8. You’re appropriating the female body.
Appropriation is about co-opting someone else’s identity. We’re not doing that. We’re expressing our identity. It is not an act of attempting to emulate or express ourselves as The Other, we are attempting to more accurately and honestly express The Self. We don’t transition into being a new or different person. We become more ourselves. We don’t put on a mask, we take one off. We don’t another cliché metaphor, we just cliché metaphor.
It is not YOUR body or sex that is being in any way appropriated or affected. We are making decisions about our own bodies, our own sex, specifically just trying to feel at home within them…. Which is our choice to make. Our bodies, our choices, yeah?
This one is usually based on analogy to cosmetic surgery and eating disorders.
After all, we do teach people to do their best to accept their bodies and not treat themselves with loathing. We rightly teach people that self-acceptance is of great importance to one’s mental and emotional well-being. The appropriate response to body-image issues is therapy, and to reinforce self-acceptance, not to facilitate an obsession with cosmetic surgery or enable an eating disorder.
But gender dysphoria is not as simple as a “body-image issue”, and has been proven unresponsive to therapy and psychotropic medication. There are certain reasonable expectations a person can have for their body, and there are certain conflicts between body map or self image and physical configuration of the body that deserve to be addressed through medical means.
Consider, for instance, the case of skin grafts for a burn victim, plastic surgery for someone with an extreme socially and psychologically debilitating deformity, or prosthesis for an amputee. In these cases, we don’t simply teach self-acceptance. That is part of the process, sure (as it is with gender transition), but we do provide medical intervention and don’t question or belittle their desire for it. They are only asking for a relatively basic level of bodily integrity. That line is subjective but it is present.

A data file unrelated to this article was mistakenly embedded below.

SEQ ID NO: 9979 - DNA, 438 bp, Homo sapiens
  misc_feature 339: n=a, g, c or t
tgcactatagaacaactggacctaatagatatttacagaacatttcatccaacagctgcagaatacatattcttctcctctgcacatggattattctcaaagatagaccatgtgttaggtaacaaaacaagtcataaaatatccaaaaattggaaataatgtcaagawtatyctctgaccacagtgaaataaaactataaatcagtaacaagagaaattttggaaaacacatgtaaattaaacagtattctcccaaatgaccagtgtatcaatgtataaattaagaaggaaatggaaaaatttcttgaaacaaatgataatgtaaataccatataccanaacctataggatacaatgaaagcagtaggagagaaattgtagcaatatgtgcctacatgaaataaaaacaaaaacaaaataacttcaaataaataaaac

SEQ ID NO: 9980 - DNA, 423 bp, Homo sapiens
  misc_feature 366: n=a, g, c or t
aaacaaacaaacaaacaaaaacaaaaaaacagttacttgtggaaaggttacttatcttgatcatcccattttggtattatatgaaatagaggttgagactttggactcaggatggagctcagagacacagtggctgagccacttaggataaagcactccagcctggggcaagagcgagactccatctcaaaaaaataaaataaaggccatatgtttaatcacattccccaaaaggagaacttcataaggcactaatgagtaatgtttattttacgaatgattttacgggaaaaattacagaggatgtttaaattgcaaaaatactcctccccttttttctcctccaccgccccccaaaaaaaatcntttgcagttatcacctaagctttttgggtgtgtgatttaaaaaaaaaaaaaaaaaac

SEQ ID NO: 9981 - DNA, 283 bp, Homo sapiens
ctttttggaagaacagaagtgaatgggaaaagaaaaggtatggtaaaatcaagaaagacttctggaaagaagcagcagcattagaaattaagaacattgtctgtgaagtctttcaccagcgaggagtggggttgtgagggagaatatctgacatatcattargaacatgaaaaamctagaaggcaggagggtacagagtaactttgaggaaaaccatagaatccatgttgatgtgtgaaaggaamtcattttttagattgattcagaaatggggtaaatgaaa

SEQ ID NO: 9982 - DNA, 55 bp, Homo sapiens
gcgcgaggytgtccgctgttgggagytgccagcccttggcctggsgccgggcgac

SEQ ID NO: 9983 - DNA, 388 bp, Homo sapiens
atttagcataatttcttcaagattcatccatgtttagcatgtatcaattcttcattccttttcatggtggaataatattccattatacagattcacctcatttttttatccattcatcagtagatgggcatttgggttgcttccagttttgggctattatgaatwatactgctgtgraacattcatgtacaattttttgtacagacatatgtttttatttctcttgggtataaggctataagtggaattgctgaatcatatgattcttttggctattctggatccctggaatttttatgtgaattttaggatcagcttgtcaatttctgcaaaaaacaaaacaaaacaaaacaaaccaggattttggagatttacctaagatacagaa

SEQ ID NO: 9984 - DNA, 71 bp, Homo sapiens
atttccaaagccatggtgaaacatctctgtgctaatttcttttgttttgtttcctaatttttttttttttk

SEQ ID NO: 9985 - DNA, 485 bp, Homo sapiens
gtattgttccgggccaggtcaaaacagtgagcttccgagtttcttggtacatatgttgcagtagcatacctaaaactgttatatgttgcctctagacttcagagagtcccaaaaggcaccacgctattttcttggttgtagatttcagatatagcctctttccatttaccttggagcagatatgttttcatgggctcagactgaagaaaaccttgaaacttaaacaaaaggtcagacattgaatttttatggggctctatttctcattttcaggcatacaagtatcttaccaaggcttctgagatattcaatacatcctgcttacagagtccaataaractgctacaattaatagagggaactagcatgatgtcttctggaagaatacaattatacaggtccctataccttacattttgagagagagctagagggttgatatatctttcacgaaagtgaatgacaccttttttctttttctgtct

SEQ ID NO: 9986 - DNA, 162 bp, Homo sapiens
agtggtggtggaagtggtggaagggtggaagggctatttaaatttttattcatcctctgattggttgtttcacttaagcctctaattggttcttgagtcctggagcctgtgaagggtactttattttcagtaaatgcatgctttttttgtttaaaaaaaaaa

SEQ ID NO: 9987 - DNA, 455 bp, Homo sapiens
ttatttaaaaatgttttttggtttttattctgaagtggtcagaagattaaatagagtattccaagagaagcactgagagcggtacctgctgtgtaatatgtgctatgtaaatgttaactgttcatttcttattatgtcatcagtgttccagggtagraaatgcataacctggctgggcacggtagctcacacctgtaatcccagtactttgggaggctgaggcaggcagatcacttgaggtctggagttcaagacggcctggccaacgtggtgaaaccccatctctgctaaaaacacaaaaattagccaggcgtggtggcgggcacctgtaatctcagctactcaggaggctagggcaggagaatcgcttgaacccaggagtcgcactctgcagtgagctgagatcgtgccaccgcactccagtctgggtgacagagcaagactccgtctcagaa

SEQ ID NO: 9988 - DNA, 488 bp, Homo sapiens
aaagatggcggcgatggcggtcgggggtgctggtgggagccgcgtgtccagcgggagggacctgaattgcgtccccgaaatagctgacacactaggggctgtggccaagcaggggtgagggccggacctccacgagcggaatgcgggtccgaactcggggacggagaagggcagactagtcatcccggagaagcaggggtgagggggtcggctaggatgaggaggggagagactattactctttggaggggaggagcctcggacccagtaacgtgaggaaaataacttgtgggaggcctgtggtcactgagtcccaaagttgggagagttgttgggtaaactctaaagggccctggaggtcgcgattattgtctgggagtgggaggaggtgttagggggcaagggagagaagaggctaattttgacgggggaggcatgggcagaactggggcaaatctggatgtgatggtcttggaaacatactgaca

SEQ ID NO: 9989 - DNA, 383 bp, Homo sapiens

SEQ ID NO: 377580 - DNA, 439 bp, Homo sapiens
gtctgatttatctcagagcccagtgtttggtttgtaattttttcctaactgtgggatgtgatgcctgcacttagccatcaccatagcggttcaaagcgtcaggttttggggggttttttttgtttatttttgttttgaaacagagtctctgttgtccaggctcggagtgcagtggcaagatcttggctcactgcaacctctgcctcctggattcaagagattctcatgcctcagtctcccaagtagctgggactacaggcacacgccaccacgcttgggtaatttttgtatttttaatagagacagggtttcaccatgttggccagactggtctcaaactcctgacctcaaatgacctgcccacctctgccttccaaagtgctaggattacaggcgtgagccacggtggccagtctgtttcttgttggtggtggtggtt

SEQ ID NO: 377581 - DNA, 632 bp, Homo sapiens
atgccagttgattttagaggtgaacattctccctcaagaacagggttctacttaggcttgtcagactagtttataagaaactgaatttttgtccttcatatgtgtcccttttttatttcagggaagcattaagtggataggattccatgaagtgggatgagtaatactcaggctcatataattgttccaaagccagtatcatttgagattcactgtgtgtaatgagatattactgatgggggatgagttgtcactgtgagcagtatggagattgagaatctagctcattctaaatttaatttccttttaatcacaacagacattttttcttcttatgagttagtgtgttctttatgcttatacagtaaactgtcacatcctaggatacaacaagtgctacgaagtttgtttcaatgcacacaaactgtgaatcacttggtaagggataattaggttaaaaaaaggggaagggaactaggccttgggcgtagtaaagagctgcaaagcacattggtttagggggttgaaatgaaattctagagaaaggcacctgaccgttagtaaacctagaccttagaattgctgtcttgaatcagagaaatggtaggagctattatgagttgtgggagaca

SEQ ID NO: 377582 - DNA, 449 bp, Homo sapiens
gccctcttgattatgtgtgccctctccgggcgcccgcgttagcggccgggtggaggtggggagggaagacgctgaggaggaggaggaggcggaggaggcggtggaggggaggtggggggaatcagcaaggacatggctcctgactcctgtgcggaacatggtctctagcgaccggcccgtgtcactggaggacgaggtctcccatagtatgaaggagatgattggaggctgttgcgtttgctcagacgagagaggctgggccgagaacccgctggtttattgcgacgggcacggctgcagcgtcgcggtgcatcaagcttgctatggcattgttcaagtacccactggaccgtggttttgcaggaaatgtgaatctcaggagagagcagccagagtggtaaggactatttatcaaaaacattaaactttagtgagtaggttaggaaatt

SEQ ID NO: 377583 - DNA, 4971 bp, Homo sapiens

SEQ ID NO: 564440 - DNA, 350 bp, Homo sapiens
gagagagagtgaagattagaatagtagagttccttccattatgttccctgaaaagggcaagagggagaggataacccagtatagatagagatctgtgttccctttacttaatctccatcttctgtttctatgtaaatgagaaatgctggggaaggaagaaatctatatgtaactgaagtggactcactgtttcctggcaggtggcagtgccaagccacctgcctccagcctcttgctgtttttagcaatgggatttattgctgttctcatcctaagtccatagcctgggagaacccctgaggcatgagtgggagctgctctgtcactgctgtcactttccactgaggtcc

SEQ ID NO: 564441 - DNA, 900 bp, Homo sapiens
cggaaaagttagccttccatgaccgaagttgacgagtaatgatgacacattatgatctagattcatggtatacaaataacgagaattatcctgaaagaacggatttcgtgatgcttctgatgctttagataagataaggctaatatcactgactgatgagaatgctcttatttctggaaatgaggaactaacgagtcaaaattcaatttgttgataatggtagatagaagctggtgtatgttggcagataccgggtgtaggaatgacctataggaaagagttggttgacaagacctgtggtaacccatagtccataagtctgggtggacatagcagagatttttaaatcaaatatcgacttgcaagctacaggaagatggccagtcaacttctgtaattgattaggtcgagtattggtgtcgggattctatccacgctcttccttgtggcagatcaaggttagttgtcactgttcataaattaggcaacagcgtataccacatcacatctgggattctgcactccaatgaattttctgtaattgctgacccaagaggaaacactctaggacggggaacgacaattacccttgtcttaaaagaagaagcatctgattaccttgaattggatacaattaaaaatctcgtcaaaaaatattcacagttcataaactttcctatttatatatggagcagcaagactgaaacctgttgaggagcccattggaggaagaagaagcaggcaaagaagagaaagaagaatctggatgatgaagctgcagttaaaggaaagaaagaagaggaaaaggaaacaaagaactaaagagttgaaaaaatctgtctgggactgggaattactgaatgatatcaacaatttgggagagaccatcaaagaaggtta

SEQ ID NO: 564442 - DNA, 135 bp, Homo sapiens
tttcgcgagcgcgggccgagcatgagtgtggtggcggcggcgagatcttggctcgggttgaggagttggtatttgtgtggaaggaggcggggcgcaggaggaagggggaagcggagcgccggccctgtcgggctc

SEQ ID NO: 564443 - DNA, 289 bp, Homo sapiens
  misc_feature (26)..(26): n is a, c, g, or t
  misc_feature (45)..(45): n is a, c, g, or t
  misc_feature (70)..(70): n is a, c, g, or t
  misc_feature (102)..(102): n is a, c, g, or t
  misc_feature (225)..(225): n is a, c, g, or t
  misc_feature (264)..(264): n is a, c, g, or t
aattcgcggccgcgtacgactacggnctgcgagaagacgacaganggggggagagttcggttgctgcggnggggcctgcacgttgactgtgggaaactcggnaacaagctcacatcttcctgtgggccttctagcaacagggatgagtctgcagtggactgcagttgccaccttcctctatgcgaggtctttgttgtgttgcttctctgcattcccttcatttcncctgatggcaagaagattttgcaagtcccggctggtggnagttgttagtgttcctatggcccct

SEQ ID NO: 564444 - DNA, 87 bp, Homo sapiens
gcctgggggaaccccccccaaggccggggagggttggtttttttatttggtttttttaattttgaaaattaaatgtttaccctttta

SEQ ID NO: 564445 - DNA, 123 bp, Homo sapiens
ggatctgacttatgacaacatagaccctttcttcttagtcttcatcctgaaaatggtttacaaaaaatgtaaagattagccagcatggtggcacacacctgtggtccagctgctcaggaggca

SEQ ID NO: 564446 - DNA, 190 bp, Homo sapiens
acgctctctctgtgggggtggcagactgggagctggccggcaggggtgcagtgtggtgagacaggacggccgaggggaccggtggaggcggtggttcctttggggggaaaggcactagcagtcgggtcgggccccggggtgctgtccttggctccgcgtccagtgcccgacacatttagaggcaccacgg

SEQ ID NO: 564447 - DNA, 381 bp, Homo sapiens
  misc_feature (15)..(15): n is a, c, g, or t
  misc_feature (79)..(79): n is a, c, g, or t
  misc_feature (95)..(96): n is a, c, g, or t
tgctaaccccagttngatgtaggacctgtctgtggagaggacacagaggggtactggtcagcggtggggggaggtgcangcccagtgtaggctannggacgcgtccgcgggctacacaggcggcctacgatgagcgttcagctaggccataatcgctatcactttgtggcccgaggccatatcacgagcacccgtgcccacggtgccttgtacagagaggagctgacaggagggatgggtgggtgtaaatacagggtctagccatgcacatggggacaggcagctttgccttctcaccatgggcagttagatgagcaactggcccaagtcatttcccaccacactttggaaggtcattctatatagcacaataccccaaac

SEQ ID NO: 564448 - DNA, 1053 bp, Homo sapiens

If you’re cisgender, ask yourself: were your genitals to be lost or disfigured in an accident, would you want someone to chastise you for wanting a prosthesis or cosmetic surgery? A body consistent with one’s internal conception of sex and gender is a perfectly reasonable thing to want and a very difficult thing to live without.
Furthermore, these kinds of procedures, and gender transition, have specific, defined end-points and goals. Eating disorders and cosmetic surgery do not. Someone with a severe psychological body-image disorder will, presumably, never feel pretty or thin enough. They will remain unhappy, and the physical changes won’t solve the underlying issue. In the case of gender transition, and cosmetic procedures for burns and deformities, there is an end-point and the procedures consistently produce a great deal of psychological and emotional benefit with significant improvements in the patient’s well-being.
Most medical procedures are not simply about sustaining life. They are about maintaining well-being and improving quality of life. That is what transition provides… a quality of life an individual may reasonably expect. No other procedure or treatment has ever been proven effective or helpful in addressing the extreme detriment to mental health caused by Gender Identity Disorder.
10. You don’t really become female. The process is only cosmetic. You’re still technically a man.
I addressed much of this a few weeks ago in this article. It has chickens!